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We want to know -- we need to know -- how defenses are being attacked.
Though it won't translate perfectly from week to week, understanding which NFL defenses qualify as run funnels and which are pass funnels can and should change the way we create our daily fantasy lineups. Is a team's stalwart run defense forcing opponents to the air at a remarkable rate? How about secondaries so dominant (or teams so bad) that opposing offenses are turning to the run more often than usual?
In this space, I'll highlight which players may benefit from squaring off against a run funnel or pass funnel defense in a given week. This analysis will improve once we have in-season data with which to work, but using last year's defensive trends and evaluating offseason defensive roster moves should give us a reasonably solid early-season grasp of how opponents will approach certain defenses.
Analyzing pass and run funnel defenses can often generate DFS stacking ideas, both team stacks and game stacks. I'll highlight stacking plays -- for DFS tournament purposes -- where I see fit. I've found evaluating run and pass funnels is an excellent starting point for exploiting matchups and crafting correlated lineups.
Jaguars at Commanders
Terry McLaurin (WAS) vs. JAC
Whatever you think of Carson Wentz, and whatever you think of the Commanders acquiring Wentz and happily paying him like an elite NFL quarterback, he is undoubtedly an upgrade for Terry McLaurin and the rest of Washington's pass catchers. Especially, importantly, on downfield passes.
No Washington or Jacksonville player will be widely rostered in a game featuring the week's fifth lowest total (44) between two teams that were embarrassingly awful and dysfunctional in 2021. That makes McLaurin a justifiable target at his reasonable DFS price point. Playing against a Jaguars defense that finished 2021 as the NFL's sixth most extreme pass funnel (despite having a marshmallow soft run defense). The 2021 Jags allowed the second-highest EPA per drop back, trailing only the Jets. Offseason additions to the secondary could make Jacksonville slightly less miserable against opposing passing attacks, but not much.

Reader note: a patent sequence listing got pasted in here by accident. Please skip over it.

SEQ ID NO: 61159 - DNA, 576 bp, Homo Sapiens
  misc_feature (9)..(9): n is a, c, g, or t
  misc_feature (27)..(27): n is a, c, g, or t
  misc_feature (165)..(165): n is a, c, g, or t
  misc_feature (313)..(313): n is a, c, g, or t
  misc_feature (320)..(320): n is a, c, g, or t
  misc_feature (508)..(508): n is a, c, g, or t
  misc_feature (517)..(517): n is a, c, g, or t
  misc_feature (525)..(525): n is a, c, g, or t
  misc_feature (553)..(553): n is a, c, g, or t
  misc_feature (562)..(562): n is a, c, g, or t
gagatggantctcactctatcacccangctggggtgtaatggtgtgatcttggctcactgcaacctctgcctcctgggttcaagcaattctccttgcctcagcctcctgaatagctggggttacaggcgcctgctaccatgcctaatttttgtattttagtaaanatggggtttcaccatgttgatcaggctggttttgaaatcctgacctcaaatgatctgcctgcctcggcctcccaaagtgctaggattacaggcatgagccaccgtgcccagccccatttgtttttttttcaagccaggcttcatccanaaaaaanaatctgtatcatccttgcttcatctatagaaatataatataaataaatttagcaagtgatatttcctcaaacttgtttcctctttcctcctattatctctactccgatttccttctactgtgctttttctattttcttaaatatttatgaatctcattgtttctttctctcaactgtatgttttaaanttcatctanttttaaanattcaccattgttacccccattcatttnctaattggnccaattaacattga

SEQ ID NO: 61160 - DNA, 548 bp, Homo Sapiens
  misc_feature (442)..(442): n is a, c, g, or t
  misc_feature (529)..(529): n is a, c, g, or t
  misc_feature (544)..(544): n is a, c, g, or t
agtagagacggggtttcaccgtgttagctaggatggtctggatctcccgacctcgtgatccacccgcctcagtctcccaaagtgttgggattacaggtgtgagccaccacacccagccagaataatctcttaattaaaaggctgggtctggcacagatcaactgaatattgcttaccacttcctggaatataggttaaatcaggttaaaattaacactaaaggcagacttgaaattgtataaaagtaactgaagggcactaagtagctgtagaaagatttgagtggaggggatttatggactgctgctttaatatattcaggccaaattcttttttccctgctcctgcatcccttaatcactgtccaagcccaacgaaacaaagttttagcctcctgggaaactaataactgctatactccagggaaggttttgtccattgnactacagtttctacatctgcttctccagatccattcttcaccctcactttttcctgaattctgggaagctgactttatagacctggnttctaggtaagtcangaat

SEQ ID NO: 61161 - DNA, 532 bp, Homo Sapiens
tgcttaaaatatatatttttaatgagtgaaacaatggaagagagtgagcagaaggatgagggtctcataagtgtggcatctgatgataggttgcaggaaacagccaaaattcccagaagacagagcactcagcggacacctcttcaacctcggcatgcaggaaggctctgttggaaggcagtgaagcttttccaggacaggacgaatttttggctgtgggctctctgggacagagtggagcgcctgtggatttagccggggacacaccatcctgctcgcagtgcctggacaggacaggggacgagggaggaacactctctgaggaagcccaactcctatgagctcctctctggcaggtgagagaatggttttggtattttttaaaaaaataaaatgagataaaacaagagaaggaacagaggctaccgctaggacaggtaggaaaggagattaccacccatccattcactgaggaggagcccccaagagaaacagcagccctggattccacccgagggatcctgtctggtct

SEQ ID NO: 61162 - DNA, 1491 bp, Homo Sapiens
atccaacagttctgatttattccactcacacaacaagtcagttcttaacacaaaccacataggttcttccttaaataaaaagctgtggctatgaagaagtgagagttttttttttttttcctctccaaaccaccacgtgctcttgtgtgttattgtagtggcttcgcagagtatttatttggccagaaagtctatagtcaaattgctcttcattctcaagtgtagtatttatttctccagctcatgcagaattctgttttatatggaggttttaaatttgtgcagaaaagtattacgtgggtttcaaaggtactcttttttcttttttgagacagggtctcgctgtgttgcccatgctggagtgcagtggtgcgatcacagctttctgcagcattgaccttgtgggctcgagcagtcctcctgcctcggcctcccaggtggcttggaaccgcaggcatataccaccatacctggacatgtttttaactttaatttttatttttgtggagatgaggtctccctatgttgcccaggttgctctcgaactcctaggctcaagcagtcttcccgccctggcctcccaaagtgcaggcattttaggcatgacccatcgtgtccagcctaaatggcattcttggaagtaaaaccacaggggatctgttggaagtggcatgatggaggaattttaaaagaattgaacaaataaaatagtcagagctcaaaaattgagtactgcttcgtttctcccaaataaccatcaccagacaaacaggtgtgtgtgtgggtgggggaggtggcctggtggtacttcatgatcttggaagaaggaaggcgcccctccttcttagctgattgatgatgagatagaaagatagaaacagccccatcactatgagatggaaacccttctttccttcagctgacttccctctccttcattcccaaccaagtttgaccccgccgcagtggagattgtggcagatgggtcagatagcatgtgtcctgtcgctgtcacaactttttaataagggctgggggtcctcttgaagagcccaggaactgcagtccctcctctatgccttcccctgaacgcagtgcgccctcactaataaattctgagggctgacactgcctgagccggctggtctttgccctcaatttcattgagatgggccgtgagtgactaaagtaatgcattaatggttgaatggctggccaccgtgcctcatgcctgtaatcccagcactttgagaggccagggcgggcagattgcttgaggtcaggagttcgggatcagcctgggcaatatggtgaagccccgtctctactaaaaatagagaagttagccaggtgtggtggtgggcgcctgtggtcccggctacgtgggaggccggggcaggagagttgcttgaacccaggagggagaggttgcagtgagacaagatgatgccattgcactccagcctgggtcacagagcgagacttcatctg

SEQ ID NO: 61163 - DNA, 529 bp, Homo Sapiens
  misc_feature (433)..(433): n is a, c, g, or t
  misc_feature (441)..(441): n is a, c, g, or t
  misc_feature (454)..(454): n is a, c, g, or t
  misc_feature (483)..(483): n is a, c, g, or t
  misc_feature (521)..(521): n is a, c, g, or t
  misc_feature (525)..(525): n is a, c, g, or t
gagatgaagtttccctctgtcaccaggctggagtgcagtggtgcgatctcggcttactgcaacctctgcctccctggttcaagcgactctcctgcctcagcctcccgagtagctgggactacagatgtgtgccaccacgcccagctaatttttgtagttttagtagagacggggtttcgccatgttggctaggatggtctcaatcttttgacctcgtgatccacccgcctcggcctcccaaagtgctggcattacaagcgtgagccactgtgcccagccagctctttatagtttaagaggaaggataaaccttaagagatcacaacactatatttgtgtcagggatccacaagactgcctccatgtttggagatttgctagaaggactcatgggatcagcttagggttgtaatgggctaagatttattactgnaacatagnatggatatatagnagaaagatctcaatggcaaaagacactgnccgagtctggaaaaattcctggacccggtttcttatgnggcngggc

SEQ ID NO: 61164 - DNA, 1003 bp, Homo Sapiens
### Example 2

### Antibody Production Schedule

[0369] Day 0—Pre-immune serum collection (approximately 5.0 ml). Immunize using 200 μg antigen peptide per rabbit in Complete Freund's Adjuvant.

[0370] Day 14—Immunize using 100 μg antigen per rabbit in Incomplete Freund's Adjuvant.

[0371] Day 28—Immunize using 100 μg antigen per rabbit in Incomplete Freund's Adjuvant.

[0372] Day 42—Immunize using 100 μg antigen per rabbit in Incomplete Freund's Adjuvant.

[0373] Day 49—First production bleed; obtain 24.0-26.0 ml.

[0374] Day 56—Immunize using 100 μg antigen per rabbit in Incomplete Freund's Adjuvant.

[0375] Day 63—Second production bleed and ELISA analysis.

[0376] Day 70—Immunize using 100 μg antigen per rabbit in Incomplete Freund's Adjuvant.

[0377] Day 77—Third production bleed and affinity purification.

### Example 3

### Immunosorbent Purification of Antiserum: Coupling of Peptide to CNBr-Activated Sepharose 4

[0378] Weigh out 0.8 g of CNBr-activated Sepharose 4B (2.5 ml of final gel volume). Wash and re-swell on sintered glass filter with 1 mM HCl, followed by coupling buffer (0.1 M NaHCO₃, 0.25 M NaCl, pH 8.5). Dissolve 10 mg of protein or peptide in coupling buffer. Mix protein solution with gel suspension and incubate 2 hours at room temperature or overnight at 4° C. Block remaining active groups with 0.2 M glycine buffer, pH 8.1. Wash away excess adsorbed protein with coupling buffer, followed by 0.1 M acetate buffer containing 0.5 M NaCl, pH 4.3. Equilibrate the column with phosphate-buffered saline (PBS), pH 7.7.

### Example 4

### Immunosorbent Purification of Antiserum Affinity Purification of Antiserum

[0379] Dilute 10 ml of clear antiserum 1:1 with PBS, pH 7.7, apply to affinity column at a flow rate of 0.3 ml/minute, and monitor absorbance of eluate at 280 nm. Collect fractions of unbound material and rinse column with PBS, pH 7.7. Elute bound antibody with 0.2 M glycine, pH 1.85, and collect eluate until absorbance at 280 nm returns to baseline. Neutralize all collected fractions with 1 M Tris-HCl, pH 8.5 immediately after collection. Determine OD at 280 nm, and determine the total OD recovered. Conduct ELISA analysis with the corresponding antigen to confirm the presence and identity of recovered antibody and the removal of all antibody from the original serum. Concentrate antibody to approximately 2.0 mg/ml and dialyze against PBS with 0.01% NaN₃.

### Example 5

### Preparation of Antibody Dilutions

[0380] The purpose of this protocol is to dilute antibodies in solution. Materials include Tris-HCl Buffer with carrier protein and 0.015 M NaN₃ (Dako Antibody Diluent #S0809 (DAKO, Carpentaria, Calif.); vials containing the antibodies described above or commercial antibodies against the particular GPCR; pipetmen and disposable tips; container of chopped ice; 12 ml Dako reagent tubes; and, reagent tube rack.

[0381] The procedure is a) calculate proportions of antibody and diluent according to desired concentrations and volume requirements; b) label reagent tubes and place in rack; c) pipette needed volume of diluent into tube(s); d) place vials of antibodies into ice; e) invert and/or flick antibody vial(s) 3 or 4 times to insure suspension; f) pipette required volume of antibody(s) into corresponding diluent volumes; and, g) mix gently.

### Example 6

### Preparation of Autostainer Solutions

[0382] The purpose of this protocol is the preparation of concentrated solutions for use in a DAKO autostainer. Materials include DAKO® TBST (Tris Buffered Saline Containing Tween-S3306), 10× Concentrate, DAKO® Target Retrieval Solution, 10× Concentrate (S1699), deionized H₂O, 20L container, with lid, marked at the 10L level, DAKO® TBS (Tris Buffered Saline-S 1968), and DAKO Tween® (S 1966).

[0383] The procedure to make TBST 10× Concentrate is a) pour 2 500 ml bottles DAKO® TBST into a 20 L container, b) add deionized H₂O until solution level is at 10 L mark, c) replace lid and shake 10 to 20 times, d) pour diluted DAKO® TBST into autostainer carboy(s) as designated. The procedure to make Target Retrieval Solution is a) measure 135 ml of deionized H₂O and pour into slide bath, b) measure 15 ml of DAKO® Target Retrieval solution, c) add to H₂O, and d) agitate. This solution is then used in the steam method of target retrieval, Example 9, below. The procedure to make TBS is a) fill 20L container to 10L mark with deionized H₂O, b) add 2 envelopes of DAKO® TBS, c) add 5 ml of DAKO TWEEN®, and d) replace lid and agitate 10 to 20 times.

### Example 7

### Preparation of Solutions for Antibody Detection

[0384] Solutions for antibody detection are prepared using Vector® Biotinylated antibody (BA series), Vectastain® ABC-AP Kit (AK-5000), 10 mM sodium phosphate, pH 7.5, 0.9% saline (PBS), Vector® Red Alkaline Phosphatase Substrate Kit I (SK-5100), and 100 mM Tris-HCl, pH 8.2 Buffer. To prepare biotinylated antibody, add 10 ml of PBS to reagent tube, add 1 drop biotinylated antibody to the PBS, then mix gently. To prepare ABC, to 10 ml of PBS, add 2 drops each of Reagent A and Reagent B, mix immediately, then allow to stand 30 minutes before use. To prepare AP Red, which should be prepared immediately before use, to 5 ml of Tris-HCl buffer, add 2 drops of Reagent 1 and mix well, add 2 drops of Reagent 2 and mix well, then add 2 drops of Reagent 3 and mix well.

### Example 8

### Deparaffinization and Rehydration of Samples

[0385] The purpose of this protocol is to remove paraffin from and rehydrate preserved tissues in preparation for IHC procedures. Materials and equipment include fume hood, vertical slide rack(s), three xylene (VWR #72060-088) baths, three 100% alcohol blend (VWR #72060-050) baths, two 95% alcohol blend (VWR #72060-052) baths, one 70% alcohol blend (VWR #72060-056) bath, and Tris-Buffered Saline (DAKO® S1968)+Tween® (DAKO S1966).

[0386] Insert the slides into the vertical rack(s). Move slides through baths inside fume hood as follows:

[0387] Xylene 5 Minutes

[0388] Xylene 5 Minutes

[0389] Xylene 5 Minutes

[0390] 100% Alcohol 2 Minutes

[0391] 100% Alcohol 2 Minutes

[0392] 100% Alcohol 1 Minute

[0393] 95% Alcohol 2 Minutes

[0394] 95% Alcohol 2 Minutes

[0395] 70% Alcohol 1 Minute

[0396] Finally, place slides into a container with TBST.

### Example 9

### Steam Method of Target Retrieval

McLaurin has proven he's a target magnet in his three NFL seasons. Last season, McLaurin had the league's seventh highest weighted opportunity rating, which balances a pass catcher's share of targets and air yards. His upside scenario in this game is an improved downfield passer in Wentz and a running mate in Jahan Dotson that might draw some attention away from Washington's alpha receiver. Dotson is also in play for all the reasons mentioned here.
Maybe, if you can stomach it, McLaurin's Week 1 matchup makes Wentz a passable tournament option.
Christian Kirk (JAC) at WAS
Trevor Lawrence throughout the offseason was effusive in his praise of Jacksonville's well-compensated No. 1 receiver Christian Kirk. He called Kirk “quarterback friendly” and added “the way he sees the field, different coverages unfold, the way he runs his routes, I just think he's quarterback friendly. And then obviously his speed is something that we really needed and it's going to help us a lot."
Kirk, according to Jaguars beat writers, has served as Lawrence's top intermediate and downfield target since training camp began. Like the aforementioned Mooney, Kirk's 2022 redraft ADP didn't account for the possibility of a glut of targets. It doesn't hurt that Kirk is reasonably efficient as a pass catcher, finishing inside the top-20 in yards per route run last year. Rotoworld's Pat Kerrane this week pointed out that Kirk's modest 2021 breakout coincided with his transition to the slot after years of playing on the outside in Arizona. He wasn't used as an underneath target though. If that usage continues into 2022, Kerrane said, it gives Kirk "a legitimate weekly ceiling."
Lawrence should have time to operate in the pocket against a Washington defense without star pass rusher Chase Young (ACL), and he'll be throwing against a Commanders coverage unit that allowed the seventh-highest dropback success rate a year ago. Washington, somewhat surprisingly, was the fourth most extreme pass funnel defense in 2021. Stacking Lawrence with Kirk and tossing a Commanders run-back option into your lineup isn't the worst way to get weird in large DFS fields this weekend.